MedPAC releases report on Medicare payment policy on changing incentives to reward value, not volume

Today the Medicare Payment Advisory Commission (MedPAC) releases its June 2009 Report to the Congress: Improving Incentives in the Medicare Program. MedPAC’s report focuses on how incentives in the Medicare payment systems could be changed to strengthen the Medicare program and promote quality care for Medicare beneficiaries.

In the report, the Commission discusses several opportunities for modifying incentives to change the way care is delivered in the Medicare program:

• Graduate medical education: The report reviews medical education and residency training programs and reflects the Commission’s discussions of possible ways to use graduate medical education to better support the future needs of the Medicare program by promoting coordinated care, quality improvement, and judicious use of resources.

• Accountable care organizations: The report explores how accountable care organizations (ACOs) could promote care coordination and potentially increase quality and lower cost growth.

• Physician resource use measurement: This report describes principles that should guide CMS as it implements this legislation. The report also presents findings on three additional areas that shed light on the role of incentives—both for providers and beneficiaries—in the Medicare payment system.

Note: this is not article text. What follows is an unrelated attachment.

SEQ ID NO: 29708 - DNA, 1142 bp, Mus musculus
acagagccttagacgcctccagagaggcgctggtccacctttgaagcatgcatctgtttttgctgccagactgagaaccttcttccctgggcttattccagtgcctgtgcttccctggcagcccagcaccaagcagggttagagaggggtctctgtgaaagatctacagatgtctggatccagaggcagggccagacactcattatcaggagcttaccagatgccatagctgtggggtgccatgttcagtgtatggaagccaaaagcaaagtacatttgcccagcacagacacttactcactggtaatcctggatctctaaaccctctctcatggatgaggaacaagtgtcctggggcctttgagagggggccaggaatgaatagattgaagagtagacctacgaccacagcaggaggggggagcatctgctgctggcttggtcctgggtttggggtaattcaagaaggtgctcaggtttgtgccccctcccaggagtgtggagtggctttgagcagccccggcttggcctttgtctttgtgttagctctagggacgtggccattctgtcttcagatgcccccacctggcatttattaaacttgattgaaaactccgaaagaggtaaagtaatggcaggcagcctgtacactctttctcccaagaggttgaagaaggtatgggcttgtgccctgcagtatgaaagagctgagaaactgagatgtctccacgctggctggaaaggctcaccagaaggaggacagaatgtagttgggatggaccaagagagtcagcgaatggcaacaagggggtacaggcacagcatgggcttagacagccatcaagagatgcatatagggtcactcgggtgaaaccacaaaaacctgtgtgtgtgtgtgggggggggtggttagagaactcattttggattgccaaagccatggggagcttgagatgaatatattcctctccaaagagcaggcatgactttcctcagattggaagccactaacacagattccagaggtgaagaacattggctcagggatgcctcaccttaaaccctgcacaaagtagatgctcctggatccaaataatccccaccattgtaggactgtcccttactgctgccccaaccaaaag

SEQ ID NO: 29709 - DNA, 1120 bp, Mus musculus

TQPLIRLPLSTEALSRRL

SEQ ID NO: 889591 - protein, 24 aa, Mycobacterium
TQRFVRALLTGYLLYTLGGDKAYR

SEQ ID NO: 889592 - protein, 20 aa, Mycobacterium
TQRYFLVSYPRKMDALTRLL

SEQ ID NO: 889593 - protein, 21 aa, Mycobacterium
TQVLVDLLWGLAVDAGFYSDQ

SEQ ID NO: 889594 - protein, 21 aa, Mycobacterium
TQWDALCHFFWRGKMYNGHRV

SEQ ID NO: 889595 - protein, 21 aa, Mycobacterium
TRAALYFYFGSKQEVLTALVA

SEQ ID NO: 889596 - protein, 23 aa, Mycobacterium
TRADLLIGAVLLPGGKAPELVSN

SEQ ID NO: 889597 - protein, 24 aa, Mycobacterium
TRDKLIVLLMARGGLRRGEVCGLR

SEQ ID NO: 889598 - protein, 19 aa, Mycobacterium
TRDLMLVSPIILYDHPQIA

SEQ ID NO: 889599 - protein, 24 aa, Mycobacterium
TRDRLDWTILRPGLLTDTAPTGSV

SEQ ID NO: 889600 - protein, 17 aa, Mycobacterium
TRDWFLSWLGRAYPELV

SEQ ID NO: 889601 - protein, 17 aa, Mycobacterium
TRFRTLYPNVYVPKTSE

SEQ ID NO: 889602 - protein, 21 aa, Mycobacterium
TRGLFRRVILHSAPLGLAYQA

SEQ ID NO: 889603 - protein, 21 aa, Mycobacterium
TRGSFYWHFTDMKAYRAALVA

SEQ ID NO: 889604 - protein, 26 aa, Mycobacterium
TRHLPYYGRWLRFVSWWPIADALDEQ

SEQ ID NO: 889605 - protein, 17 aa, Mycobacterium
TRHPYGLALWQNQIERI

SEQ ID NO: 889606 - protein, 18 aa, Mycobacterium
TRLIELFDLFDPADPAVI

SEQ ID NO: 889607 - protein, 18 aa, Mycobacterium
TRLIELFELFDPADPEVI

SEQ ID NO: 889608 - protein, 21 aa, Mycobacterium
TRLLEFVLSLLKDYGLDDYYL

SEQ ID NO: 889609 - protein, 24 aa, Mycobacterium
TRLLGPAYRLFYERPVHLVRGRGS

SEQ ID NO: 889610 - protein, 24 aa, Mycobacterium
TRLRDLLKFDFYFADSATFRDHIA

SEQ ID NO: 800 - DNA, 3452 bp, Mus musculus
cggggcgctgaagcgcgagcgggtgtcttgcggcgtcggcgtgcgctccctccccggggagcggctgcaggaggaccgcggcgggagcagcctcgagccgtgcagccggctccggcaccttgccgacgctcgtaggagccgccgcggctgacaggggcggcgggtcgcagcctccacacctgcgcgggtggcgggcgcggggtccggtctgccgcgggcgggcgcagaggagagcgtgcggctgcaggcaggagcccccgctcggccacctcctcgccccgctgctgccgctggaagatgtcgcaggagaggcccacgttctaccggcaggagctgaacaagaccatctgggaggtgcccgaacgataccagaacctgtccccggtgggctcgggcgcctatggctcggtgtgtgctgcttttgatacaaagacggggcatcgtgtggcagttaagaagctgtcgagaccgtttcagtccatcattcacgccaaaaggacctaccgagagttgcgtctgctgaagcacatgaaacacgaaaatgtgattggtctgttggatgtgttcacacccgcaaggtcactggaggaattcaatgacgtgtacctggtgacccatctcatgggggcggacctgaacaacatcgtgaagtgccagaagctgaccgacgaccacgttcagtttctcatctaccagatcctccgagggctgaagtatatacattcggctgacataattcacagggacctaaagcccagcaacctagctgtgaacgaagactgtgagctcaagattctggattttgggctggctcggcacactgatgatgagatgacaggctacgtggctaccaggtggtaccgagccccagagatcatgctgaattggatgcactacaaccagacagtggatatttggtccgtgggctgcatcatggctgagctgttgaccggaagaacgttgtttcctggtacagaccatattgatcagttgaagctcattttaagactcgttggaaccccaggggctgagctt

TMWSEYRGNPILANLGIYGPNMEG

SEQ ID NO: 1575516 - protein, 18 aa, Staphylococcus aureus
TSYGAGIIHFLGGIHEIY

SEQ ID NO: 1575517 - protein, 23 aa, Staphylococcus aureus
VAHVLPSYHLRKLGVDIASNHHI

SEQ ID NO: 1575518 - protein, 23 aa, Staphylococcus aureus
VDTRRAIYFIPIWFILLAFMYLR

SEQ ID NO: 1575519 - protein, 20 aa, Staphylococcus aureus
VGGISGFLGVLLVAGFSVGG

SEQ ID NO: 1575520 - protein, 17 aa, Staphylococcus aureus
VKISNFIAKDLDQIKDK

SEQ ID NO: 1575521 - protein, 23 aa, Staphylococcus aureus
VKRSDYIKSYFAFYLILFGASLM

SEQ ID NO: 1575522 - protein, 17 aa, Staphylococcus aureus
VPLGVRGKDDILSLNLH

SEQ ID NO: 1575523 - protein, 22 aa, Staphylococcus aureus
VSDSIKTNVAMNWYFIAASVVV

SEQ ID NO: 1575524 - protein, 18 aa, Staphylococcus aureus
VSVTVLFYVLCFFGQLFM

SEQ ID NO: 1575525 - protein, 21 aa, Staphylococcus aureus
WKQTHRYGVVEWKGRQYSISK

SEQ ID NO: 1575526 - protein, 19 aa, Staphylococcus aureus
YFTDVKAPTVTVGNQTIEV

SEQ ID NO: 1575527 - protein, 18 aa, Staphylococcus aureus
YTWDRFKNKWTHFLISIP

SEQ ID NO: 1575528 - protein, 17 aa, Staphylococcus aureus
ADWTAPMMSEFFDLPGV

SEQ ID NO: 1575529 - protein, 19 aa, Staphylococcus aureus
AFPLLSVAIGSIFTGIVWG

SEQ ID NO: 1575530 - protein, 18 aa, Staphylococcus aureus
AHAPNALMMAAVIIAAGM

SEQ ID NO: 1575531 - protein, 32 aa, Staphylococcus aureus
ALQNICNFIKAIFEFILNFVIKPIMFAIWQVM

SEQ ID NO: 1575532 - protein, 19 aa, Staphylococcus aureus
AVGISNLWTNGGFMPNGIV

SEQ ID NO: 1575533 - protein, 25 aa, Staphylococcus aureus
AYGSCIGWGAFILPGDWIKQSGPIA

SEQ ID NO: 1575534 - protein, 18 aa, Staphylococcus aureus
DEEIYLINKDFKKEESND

The report also presents findings on three additional areas that shed light on the role of incentives—both for providers and beneficiaries—in the Medicare payment system. These include:

• Self-referral in imaging: Findings presented in this report show that when physicians have a financial interest in imaging equipment, they are more likely to order imaging tests and incur higher overall spending on their patients’ care.

• Follow-on biologics: A regulatory pathway for follow-on biologics (FOBs) will be necessary to create price competition among biologic products and the report discusses the policy issues that need to be addressed to establish such a pathway. The report also presents the Commission’s perspective on how, as a large payer for pharmaceuticals, Medicare may need to change in order to extract greater value from its spending on biologics, while ensuring appropriate clinical use and patient safety.

• Benefit design in traditional Medicare: The report reflects the Commission’s discussion of traditional Medicare benefit design, and whether cost sharing can be used as a tool

Click here for the Press Release.

(SOURCES: The Advisory Board Daily Briefing, http://advisory.com, June 16, 2009; MedPAC, http://medpac.gov, accessed June 16, 2009)